### Experiment 3: Arithmetic Expressions

While simple expressions are sometimes useful, the process of computation involves the application of operators to operands. Java provides a number of arithmetic operators that can be applied to numeric operands, including:
 + addition, computes the sum of two (integer or real) operands - subtraction, computes the difference of two (integer or real) operands * multiplication, computes the product of two (integer or real) operands / division, computes the quotient of the division two (integer or real) operands % modulus, computes the remainder of the division of two integer operands

While addition, subtraction and multiplication are similar for integers and real numbers (and presumably well known to any reader of this manual), division and modulus are quite different, so let's spend some time exploring them.

1. Modify the output statement in the source program, to enable you to complete the following table, for int variables i and j, and double variables x and y (Hint: To speed things up, either do all of the values at once, or add an input statement that allows you to enter the values for i, j, x and y from the keyboard):

i

j

x

y

x / y

i / j

i % j

4

1

4.0

1.0

4

2

4.0

2.0

4

3

4.0

3.0

4

4

4.0

4.0

4

5

4.0

5.0

4

6

4.0

6.0

4

7

4.0

7.0

4

8

4.0

8.0

4

9

4.0

9.0

To understand integer division, it helps to revert to primary school and remember how your teacher taught you to divide when you only knew about integers, not real numbers:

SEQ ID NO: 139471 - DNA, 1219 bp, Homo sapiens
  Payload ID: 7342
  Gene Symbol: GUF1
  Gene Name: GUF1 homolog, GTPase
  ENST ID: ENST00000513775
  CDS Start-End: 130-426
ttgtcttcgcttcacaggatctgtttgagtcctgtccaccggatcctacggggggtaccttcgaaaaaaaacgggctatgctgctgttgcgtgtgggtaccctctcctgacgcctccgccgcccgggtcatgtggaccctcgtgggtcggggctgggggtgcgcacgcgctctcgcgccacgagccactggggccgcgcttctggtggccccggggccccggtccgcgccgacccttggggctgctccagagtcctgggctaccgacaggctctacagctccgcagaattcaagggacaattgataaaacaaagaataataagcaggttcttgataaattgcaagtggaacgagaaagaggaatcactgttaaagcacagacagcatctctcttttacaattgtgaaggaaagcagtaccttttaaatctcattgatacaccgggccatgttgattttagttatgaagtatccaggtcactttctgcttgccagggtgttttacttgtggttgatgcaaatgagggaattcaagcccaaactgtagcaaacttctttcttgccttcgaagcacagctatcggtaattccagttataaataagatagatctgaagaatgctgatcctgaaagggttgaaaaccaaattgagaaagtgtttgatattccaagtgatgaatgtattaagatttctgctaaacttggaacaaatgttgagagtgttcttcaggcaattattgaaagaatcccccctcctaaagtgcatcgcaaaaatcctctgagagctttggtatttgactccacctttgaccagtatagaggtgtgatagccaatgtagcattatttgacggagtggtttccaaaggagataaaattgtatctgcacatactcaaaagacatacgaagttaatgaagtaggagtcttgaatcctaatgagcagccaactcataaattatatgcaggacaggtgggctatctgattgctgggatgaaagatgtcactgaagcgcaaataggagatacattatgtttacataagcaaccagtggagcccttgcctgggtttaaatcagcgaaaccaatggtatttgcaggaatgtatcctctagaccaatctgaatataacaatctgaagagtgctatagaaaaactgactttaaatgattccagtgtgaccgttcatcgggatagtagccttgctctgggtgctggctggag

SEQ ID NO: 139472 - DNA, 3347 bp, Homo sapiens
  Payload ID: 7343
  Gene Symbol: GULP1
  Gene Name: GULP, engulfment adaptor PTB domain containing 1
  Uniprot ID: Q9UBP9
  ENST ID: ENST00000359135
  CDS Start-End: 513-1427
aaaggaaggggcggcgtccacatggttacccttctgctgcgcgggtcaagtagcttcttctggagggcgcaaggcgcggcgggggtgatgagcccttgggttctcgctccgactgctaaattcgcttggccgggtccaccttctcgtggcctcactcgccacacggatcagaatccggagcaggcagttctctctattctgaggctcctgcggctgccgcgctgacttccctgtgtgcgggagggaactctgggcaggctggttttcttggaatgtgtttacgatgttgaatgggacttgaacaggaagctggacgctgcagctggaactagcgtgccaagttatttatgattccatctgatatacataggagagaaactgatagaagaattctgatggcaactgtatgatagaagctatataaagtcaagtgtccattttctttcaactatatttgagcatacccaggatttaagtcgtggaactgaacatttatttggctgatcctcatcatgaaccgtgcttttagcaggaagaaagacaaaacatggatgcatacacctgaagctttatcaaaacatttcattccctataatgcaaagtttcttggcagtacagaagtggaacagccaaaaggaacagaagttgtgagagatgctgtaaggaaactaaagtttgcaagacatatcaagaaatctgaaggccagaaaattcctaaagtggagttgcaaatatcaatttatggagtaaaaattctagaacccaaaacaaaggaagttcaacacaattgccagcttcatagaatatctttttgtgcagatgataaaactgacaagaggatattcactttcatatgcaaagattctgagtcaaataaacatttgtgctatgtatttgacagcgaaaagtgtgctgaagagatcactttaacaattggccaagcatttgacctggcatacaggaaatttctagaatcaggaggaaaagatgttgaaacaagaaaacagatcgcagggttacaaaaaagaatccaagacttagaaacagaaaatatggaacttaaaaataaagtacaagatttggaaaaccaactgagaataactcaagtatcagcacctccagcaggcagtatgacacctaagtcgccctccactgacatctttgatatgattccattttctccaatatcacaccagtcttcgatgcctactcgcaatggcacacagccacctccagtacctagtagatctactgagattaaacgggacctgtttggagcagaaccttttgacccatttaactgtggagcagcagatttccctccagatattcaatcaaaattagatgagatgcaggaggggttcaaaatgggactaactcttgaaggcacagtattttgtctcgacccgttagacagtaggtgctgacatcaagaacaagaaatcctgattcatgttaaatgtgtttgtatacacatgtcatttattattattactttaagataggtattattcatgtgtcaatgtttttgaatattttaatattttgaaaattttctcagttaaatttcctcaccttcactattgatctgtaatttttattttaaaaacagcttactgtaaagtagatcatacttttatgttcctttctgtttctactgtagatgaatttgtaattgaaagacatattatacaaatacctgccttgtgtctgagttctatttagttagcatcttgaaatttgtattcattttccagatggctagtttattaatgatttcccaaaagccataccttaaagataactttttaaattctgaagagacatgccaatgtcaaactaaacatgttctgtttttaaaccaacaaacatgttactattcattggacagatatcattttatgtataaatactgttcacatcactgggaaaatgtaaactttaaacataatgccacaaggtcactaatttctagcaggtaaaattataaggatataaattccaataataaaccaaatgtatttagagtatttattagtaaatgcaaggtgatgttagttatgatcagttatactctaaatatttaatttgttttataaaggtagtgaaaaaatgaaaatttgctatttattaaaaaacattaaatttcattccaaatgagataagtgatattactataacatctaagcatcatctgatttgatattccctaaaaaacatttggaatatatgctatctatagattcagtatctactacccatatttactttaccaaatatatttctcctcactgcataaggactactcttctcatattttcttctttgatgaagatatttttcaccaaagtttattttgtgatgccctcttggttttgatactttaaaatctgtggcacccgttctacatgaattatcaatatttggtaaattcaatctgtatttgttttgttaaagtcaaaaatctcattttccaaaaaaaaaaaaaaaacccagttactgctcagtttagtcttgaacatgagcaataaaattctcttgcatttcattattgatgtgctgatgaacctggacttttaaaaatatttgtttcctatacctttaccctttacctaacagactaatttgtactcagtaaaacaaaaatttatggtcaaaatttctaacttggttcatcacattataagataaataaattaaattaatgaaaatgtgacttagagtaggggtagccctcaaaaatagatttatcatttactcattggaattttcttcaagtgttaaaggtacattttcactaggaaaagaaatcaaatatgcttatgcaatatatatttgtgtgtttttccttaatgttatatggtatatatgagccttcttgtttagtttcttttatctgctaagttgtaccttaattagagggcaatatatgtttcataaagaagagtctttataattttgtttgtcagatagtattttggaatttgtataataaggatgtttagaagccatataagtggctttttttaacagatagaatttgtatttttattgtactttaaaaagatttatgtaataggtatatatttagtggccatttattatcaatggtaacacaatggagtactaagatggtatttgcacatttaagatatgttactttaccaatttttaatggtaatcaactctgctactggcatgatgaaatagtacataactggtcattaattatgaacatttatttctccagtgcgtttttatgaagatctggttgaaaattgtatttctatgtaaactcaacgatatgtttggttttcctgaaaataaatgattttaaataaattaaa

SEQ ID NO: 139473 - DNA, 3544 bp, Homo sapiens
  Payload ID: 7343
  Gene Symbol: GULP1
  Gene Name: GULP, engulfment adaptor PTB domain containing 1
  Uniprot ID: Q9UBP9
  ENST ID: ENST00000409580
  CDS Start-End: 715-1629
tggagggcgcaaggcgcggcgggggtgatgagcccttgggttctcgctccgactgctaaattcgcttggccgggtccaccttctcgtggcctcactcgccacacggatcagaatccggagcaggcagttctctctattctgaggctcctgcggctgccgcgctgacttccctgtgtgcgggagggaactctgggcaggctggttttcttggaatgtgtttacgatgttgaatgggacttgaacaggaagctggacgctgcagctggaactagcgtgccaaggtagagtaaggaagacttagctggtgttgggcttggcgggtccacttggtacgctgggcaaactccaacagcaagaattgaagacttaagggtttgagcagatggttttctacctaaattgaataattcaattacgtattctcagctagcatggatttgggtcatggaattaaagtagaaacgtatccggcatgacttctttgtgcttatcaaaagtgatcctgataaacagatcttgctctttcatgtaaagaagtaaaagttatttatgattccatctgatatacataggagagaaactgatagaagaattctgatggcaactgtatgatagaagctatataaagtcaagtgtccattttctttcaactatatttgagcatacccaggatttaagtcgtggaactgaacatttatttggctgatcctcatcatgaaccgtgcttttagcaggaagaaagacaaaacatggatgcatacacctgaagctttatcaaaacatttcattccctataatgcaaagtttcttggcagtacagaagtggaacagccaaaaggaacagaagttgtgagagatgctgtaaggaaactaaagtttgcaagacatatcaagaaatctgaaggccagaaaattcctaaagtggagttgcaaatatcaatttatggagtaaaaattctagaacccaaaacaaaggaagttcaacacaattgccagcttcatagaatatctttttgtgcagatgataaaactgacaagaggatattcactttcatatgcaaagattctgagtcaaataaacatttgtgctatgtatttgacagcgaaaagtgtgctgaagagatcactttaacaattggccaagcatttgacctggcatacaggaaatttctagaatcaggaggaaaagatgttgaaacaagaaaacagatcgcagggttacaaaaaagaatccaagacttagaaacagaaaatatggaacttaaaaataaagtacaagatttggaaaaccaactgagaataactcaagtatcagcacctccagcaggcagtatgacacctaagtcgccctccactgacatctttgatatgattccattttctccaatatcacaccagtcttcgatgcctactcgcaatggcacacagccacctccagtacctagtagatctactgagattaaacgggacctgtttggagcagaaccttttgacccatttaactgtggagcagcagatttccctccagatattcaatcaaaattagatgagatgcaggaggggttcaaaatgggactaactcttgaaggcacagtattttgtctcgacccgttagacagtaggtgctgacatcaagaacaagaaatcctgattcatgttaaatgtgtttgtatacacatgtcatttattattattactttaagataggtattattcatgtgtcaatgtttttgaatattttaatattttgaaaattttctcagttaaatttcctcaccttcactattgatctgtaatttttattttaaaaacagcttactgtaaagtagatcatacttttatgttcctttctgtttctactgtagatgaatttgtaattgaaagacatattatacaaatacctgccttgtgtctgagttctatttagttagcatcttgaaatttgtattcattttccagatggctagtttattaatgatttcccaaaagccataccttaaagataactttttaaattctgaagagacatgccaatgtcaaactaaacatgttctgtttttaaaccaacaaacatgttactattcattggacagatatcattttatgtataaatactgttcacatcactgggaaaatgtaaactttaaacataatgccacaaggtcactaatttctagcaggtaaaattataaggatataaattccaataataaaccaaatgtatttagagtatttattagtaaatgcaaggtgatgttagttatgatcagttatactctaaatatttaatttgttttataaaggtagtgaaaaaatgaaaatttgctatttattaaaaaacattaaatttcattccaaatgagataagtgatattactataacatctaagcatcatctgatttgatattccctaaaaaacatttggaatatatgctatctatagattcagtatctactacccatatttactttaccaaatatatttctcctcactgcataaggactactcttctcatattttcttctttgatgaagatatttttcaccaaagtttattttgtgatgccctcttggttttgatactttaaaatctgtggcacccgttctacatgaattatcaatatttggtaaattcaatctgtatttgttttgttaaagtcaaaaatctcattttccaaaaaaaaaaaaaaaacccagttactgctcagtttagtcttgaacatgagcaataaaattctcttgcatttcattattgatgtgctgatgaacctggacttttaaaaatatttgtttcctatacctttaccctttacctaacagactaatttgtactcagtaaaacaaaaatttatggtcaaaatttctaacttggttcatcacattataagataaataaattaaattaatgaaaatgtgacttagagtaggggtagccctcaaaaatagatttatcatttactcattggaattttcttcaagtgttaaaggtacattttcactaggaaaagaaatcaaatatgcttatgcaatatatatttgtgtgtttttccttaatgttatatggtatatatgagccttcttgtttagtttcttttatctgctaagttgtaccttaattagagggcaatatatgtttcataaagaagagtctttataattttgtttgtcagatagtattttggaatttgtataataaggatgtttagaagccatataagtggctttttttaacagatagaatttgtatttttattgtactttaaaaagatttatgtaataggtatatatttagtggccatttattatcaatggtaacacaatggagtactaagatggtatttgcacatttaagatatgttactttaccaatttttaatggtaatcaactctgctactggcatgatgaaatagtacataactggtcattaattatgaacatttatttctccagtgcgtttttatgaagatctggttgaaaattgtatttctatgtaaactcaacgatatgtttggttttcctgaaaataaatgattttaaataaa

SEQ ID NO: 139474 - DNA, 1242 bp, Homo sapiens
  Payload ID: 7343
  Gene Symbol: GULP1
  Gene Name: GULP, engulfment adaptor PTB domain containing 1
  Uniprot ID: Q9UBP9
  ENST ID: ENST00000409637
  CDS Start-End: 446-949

```   "Four goes into nine two times, with a remainder of one."
```

For this reason, the % operator is sometimes called the remainder operator, but modulus is its "official" name.

2. Now, suppose that ABCD are the 4 digits of an integer value. With or without the computer, give the values of the following expressions in terms of A, B, C and D:

```   ABCD / 1     = __________            ABCD % 1     = __________
ABCD / 10    = __________            ABCD % 10    = __________
ABCD / 100   = __________            ABCD % 100   = __________
ABCD / 1000  = __________            ABCD % 1000  = __________
```

If you look for the pattern, you can see that integer division and remaindering can be used to "tear apart" integer values.

3. How can integer remaindering be used to determine if an integer i is evenly divisible by an integer j?

4. How can integer remaindering be used to determine if an integer i is even? If i is odd?

From this exercise, you should see that the five arithmetic operators in Java allow you to build expressions using the four normal arithmetic operations, as well as the "remainder" operation from integer division, which is surprisingly useful.

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